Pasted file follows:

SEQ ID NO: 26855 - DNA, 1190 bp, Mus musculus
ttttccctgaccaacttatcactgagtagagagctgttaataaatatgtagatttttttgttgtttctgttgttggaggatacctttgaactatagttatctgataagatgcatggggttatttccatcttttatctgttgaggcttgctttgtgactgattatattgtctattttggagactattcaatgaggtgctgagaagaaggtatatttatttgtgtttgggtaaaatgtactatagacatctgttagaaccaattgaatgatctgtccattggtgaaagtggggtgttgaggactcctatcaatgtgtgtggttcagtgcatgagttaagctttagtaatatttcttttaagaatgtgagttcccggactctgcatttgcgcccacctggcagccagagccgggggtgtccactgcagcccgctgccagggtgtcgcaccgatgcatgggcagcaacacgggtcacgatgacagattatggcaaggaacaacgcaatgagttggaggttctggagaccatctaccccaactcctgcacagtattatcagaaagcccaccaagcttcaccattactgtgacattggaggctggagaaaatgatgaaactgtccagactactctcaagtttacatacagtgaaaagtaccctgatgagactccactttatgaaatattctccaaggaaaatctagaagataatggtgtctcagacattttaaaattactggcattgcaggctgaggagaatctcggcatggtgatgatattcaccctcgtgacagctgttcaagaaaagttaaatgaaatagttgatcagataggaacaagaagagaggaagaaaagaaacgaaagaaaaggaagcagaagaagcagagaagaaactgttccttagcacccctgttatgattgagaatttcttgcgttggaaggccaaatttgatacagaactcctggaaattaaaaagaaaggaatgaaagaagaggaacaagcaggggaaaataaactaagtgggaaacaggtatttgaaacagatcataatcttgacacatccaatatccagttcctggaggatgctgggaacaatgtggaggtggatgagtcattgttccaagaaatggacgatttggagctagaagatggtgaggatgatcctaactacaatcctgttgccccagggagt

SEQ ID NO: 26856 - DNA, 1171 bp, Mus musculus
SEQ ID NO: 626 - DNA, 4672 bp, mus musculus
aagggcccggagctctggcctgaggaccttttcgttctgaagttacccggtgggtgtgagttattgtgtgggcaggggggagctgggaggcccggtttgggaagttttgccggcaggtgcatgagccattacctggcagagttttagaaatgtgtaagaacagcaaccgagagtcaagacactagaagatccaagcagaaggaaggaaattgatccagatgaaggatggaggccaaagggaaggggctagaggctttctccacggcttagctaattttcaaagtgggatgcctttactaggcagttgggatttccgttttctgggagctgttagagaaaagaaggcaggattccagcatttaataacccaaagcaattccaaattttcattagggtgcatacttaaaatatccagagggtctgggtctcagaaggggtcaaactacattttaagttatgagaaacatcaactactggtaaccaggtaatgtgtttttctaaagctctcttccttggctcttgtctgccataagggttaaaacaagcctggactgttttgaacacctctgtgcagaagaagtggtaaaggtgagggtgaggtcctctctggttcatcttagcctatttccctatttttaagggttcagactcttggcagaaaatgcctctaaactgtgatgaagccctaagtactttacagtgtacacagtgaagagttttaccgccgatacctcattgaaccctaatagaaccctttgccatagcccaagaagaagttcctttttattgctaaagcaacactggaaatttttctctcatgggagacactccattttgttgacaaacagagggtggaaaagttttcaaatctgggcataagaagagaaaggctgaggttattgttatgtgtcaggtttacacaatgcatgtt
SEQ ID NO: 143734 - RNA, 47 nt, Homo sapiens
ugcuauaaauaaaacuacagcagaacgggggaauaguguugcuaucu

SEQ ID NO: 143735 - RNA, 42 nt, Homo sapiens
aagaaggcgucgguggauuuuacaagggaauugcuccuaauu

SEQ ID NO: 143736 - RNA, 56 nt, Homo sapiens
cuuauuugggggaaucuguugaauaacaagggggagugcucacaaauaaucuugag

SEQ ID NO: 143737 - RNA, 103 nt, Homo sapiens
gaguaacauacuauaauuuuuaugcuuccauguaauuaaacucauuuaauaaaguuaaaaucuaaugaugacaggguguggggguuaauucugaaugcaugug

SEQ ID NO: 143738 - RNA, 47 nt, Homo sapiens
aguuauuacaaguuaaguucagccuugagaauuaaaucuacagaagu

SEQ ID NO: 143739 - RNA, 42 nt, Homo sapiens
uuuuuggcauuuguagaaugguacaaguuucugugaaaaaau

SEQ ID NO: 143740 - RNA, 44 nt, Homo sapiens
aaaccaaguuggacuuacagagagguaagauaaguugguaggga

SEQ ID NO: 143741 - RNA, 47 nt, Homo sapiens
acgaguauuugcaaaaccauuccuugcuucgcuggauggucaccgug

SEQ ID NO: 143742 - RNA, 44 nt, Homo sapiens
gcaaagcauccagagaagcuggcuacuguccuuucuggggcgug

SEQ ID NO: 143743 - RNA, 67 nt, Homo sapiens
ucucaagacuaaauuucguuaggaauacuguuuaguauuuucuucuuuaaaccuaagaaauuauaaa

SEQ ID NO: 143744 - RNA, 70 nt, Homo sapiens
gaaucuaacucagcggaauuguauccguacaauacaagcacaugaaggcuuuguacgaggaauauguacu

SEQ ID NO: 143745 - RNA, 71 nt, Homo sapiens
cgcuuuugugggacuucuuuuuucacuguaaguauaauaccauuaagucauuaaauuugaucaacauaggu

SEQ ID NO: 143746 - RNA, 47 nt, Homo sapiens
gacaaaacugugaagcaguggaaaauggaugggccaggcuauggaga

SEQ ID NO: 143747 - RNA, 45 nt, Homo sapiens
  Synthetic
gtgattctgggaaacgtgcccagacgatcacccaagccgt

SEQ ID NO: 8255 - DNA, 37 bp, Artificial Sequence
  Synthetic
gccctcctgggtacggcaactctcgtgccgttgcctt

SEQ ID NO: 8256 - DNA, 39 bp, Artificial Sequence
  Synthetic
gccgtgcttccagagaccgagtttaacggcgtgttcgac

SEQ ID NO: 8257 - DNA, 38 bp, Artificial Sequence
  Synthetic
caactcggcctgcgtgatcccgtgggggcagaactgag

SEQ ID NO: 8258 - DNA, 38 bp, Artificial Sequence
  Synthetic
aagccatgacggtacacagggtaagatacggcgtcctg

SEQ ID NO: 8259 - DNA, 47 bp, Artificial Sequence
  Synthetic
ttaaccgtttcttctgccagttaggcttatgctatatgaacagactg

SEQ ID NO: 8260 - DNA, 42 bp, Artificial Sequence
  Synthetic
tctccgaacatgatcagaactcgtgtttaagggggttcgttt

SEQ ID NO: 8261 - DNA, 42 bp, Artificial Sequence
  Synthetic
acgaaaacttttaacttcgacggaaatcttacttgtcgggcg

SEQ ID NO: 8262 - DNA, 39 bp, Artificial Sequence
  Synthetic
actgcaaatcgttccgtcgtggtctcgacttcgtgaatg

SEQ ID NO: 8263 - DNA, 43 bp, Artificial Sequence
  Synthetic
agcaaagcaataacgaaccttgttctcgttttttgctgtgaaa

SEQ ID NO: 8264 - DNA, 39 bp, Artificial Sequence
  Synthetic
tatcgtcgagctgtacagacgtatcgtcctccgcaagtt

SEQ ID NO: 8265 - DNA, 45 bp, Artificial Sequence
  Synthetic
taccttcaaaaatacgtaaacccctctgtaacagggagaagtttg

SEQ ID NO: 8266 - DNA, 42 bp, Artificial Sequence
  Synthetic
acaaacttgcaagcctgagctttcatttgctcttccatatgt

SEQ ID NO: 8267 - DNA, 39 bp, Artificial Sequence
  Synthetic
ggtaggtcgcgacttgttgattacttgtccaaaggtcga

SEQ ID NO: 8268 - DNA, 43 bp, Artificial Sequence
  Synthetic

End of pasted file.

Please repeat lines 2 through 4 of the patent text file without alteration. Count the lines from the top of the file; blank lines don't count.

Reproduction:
ttttccctgaccaacttatcactgagtagagagctgttaataaatatgtagatttttttgttgtttctgttgttggaggatacctttgaactatagttatctgataagatgcatggggttatttccatcttttatctgttgaggcttgctttgtgactgattatattgtctattttggagactattcaatgaggtgctgagaagaaggtatatttatttgtgtttgggtaaaatgtactatagacatctgttagaaccaattgaatgatctgtccattggtgaaagtggggtgttgaggactcctatcaatgtgtgtggttcagtgcatgagttaagctttagtaatatttcttttaagaatgtgagttcccggactctgcatttgcgcccacctggcagccagagccgggggtgtccactgcagcccgctgccagggtgtcgcaccgatgcatgggcagcaacacgggtcacgatgacagattatggcaaggaacaacgcaatgagttggaggttctggagaccatctaccccaactcctgcacagtattatcagaaagcccaccaagcttcaccattactgtgacattggaggctggagaaaatgatgaaactgtccagactactctcaagtttacatacagtgaaaagtaccctgatgagactccactttatgaaatattctccaaggaaaatctagaagataatggtgtctcagacattttaaaattactggcattgcaggctgaggagaatctcggcatggtgatgatattcaccctcgtgacagctgttcaagaaaagttaaatgaaatagttgatcagataggaacaagaagagaggaagaaaagaaacgaaagaaaaggaagcagaagaagcagagaagaaactgttccttagcacccctgttatgattgagaatttcttgcgttggaaggccaaatttgatacagaactcctggaaattaaaaagaaaggaatgaaagaagaggaacaagcaggggaaaataaactaagtgggaaacaggtatttgaaacagatcataatcttgacacatccaatatccagttcctggaggatgctgggaacaatgtggaggtggatgagtcattgttccaagaaatggacgatttggagctagaagatggtgaggatgatcctaactacaatcctgttgccccagggagt

SEQ ID NO: 26856 - DNA, 1171 bp, Mus musculus
SEQ ID NO: 626 - DNA, 4672 bp, mus musculus